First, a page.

Another repost of something I’ve done for work (hence the less frank tone of the post, although I added some notes in italics in parentheses).
On March 5, the Ministry of Economic Development published the conceptual framework of the draft federal law On the Federal Contract System, a proposed conceptual framework to replace the current On State Tenders law (Law 94-FZ), which was adopted in 2005 but has been repeatedly amended since. The new law seeks to standardize, systematize, and centralize the current law, as well as to soften some provisions that have been viewed as overly rigid and unfair toward honest bidders.
The current state tenders law requires that a rigid procedure be used for all state procurements, a volume that totaled 5 trillion rubles ($176.7 billion) in 2010. To do so, the conceptual framework proposes extending the list of types of state tenders by including open as well as closed two-phase tenders, online auctions, one-phase tenders with preliminary qualification selection, and “competitive negotiations.” Aleksandr Shamrin, pro-rector of the Higher School of Economics (which provided expertise and research for the new law) noted that the conception is premised on the “presumption of honesty of the customer,” and argued that the proposed law would not only reduce corruption, but also increase quality of service and save budget funds.
However, the conceptual framework and especially its “presumption of honesty of the customer” have drawn strong criticism from representatives of Gaidar Institute for Economic Policy, who argued that, if one assumes such honesty on the part of all customers, no state procurement bill is needed at all, as its functions would be fulfilled by the Civil Code. The Gaidar Institute representatives went on to argue that it is the rigid part of the current state tenders law that helps fight corruption and prevent economic abuses during the state tender process.
The well-known whistleblower and anti-corruption activist Aleksey Navalny also argued on his blog that the proposed bill would dramatically increase corruption in the area of state tenders. Specifically, Navalny sharply criticized the proposed introduction of “pre-qualification” phase for several types of tenders and tenders in the form of “competitive negotiations.” (Navalny hilariously proposed to call “competitive negotiations” “placement of order by sitting in a restaurant and drawing the kickback scheme on a napkin”.) As a result, rector of the Higher School of Economics Yaroslav Kuzminov invited Navalny to participate in an open discussion, which took place at the Higher School of Economics on March 18. Even though the discussion lasted 3.5 hours, analysts felt that it lacked economic substance.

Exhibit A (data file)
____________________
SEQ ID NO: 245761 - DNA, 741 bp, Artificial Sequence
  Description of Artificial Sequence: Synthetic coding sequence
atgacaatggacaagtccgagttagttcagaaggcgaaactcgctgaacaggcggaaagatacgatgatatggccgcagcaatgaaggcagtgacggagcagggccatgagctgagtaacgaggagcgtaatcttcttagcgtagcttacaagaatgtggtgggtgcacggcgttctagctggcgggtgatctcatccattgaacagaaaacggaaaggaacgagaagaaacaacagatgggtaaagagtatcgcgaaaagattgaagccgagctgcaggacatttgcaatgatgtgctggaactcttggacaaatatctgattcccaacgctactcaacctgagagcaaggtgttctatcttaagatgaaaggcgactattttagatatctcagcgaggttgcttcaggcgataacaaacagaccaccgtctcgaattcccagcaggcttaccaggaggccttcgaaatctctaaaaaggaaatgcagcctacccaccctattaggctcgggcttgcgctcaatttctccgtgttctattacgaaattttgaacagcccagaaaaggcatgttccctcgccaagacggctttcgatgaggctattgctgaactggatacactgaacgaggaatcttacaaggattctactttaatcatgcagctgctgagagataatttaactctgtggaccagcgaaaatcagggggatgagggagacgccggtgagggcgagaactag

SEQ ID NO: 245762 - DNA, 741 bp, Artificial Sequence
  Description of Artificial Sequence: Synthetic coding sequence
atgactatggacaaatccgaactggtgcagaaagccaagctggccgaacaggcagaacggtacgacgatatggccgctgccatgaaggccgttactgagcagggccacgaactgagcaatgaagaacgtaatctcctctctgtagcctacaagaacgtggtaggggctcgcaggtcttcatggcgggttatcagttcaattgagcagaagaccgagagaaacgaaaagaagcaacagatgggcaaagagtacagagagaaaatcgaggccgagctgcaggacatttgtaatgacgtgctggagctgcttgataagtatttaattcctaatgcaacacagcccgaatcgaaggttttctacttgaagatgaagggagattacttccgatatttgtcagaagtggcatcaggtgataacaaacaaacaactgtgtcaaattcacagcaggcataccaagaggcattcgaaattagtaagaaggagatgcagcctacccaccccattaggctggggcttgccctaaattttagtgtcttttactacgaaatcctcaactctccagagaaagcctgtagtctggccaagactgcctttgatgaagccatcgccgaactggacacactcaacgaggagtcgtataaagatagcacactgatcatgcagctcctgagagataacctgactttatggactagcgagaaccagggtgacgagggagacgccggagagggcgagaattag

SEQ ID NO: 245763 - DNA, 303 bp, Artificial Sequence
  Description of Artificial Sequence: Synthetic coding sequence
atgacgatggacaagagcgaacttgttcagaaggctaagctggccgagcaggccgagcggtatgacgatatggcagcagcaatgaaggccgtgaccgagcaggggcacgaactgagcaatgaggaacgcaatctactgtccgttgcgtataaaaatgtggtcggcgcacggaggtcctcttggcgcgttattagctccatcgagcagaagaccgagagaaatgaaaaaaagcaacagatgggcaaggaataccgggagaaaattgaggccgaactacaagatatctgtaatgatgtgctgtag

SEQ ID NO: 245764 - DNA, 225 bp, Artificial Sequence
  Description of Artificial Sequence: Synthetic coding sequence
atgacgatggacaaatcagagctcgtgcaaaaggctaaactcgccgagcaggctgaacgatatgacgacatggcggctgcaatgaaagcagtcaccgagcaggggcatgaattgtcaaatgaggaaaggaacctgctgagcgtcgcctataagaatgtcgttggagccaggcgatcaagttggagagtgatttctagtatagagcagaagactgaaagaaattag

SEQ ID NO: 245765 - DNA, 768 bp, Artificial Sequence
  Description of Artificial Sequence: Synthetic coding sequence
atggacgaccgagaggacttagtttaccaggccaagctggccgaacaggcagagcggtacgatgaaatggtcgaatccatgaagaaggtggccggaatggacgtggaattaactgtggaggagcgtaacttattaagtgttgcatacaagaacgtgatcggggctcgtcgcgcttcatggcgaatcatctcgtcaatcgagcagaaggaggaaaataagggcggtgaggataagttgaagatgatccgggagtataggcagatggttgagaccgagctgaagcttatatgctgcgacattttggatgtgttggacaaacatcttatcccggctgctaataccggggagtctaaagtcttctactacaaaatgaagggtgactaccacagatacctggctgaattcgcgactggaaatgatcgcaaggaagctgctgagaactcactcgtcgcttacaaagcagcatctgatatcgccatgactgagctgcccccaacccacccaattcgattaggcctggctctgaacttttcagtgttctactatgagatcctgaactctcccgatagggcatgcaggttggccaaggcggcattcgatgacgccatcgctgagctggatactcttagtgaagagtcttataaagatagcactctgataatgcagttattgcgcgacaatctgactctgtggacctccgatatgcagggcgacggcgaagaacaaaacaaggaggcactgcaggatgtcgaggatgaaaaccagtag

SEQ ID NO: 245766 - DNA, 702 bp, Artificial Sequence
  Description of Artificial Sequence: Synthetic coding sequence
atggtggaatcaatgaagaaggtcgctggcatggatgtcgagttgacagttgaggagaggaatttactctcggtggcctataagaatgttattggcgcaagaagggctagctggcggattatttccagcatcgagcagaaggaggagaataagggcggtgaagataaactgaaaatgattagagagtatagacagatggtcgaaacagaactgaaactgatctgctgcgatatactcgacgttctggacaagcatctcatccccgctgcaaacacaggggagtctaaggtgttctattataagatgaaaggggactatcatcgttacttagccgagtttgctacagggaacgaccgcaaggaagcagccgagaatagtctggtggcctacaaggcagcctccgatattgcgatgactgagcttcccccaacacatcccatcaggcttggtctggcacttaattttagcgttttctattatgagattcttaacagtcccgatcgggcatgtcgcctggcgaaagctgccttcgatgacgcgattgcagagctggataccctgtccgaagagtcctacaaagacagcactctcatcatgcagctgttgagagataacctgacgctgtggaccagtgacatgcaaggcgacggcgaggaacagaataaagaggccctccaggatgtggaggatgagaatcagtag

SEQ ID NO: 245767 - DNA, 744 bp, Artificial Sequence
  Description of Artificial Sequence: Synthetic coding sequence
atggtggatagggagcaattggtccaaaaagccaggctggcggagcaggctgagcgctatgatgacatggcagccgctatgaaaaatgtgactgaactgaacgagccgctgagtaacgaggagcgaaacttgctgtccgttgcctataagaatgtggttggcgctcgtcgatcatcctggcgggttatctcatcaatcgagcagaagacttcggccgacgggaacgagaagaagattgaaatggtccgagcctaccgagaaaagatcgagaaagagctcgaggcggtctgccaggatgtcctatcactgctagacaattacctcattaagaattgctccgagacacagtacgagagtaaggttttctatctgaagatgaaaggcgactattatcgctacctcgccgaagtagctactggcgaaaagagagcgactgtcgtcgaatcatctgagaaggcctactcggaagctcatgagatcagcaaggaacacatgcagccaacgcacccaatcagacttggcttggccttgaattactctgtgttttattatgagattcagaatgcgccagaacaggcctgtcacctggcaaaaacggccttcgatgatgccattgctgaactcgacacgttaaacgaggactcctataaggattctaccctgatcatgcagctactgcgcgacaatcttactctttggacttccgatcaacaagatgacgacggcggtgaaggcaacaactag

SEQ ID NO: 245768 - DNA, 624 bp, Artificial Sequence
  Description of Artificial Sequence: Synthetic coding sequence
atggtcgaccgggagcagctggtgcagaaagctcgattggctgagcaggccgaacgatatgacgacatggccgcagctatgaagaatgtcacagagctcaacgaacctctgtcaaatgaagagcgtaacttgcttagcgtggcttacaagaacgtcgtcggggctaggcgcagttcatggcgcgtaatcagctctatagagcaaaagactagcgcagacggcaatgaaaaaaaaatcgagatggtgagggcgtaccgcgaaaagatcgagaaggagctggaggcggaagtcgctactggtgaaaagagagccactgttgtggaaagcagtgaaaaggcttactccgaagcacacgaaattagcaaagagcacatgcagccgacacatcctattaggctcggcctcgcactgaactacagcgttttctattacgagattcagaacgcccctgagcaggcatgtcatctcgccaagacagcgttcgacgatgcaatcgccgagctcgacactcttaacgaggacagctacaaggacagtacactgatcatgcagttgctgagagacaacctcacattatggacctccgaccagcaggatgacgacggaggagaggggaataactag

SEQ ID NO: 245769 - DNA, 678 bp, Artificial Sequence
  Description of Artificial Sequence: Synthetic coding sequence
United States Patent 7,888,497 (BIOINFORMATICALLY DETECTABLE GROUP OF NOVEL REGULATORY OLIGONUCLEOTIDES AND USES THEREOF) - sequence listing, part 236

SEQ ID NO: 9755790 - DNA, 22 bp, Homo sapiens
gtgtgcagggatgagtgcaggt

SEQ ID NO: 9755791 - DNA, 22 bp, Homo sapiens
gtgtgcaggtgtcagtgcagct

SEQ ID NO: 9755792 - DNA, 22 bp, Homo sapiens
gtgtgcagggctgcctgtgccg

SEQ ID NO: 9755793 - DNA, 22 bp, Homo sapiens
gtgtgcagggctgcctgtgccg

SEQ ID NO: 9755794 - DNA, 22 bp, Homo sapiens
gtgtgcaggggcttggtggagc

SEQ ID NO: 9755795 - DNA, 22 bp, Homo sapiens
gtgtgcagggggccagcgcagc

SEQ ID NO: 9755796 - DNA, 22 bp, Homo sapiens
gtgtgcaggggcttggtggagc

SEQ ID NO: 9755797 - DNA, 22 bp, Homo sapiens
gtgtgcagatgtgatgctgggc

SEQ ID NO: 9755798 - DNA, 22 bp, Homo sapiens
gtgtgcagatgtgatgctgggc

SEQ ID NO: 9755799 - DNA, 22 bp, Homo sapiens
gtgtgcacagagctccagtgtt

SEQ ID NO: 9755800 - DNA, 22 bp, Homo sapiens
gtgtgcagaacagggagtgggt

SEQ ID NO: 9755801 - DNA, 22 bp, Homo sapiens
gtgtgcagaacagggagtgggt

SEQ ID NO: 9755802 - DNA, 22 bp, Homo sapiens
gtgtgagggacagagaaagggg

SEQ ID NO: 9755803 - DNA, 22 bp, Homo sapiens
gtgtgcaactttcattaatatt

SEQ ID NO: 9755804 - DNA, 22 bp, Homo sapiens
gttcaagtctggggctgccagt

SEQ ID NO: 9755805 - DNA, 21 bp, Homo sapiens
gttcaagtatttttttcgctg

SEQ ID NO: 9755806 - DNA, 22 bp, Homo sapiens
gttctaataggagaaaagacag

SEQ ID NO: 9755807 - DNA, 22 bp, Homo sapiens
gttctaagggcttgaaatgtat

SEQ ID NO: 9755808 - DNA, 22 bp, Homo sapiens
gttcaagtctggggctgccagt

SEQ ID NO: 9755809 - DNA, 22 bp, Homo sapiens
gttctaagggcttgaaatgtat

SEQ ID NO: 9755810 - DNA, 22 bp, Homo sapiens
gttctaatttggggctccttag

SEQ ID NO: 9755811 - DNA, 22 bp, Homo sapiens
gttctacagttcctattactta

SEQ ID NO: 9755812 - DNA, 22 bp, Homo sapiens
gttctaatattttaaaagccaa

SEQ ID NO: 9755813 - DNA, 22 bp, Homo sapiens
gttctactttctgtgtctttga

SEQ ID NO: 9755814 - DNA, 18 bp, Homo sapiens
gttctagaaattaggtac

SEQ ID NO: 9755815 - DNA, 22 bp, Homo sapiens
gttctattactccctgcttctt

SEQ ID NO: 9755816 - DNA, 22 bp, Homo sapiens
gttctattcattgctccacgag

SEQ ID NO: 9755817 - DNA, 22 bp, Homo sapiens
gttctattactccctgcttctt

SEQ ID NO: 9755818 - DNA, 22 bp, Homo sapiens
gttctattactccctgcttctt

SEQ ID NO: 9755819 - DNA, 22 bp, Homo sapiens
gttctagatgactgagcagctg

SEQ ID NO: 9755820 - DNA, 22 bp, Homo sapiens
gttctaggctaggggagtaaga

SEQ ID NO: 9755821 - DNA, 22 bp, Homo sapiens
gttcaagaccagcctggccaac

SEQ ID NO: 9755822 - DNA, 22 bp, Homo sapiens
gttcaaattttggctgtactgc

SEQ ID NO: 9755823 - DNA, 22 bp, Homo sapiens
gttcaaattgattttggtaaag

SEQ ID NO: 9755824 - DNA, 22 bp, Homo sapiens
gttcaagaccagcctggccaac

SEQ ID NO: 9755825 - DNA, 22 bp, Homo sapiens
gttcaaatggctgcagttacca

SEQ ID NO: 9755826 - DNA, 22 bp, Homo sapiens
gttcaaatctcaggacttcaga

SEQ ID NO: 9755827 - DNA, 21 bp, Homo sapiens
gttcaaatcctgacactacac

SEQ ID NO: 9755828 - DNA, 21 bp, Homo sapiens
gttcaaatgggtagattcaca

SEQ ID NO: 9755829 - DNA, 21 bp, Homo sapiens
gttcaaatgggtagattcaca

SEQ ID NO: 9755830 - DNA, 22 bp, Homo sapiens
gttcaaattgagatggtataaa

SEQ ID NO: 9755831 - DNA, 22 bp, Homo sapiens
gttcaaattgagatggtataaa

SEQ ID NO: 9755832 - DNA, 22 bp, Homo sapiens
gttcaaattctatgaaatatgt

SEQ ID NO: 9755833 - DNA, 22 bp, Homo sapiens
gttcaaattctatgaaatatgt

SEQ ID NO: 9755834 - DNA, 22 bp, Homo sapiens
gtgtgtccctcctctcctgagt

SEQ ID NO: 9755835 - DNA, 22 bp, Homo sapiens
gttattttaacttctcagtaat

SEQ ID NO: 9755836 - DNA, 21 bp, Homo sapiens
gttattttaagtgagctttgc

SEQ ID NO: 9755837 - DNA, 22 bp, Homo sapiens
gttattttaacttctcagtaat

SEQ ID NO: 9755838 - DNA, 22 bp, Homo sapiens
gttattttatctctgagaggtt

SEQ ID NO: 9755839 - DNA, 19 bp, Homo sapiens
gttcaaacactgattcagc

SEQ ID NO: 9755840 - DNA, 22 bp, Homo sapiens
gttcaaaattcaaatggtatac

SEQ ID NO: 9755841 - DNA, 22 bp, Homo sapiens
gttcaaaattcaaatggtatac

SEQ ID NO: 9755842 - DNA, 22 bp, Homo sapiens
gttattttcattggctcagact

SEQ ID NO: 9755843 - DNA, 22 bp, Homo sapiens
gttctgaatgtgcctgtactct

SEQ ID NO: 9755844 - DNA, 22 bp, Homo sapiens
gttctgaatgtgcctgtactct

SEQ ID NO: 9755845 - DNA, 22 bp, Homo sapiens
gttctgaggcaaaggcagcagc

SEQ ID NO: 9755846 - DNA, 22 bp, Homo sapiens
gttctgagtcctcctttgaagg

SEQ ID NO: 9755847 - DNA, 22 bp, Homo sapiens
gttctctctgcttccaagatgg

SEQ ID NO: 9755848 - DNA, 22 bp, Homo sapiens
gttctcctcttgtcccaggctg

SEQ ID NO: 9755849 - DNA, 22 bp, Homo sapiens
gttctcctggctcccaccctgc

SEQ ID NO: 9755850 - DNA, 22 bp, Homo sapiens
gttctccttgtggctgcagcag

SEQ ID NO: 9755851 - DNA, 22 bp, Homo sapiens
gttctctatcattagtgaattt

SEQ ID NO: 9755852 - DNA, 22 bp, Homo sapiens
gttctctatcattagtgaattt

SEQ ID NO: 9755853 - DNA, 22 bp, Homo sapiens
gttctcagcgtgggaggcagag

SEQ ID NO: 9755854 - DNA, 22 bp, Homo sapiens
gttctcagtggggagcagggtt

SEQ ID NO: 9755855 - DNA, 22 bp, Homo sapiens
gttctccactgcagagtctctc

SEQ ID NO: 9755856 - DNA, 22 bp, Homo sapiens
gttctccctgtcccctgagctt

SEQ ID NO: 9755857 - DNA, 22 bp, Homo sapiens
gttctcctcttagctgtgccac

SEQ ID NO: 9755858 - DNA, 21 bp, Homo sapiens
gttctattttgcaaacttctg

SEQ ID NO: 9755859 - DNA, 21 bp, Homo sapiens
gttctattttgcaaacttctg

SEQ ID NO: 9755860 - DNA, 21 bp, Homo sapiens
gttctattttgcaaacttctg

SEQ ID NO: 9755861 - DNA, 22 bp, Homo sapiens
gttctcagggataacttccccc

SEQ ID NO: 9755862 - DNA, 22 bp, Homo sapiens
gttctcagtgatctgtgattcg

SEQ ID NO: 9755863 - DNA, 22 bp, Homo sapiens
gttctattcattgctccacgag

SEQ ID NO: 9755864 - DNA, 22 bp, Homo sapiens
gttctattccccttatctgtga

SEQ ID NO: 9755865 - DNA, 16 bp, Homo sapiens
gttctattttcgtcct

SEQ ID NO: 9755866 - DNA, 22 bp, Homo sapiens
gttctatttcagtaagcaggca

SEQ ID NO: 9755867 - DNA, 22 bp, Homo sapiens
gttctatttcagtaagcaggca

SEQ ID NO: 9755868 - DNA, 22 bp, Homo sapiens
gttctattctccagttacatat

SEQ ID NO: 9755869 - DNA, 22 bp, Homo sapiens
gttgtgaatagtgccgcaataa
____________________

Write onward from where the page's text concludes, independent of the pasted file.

(I also want to add that there is a whole class of people on the Russian blogosphere who, despite being generally open-minded and democratically inclined, dislike Navalny because they simply cannot believe that he is doing his anti-corruption activities just because he likes it, and they continuously try to expose his “bosses” and “who’s paying him”. Literally, there is a top-rated post on the Russian-language segment of LiveJournal almost everyday that reads something like, “Navalny’s bosses uncovered!”. I have a little more faith in Navalny’s good intentions and clean conscience, and the main problem I have with him is his nationalist inclinations, which he never tried to hide, but which, fortunately, faded into background lately.)
In response to the criticisms, the Ministry of Economic Development on March 17 published a revised version of the conceptual framework; however, the new version mainly elaborates on the old principles without changing the overall direction. Analysts have pointed out that the Ministry of Economic Development slightly differs from the Higher School of Economics on the issue of tenders, as the former calls for creation of a self-regulating system that would be transparent for the government, though not for the public, whereas the latter seeks to implement the “presumption of honesty of the customer,” along with external and administrative controls.
It remains to be seen which procedure for state tenders will be eventually adopted. The Ministry of Economic Development states that negotiations with “federal executive entities, as well as representatives of the Russian Federation subjects, business and expert community” are underway, which hints at the possibility of collaboration between society and the decision-making community.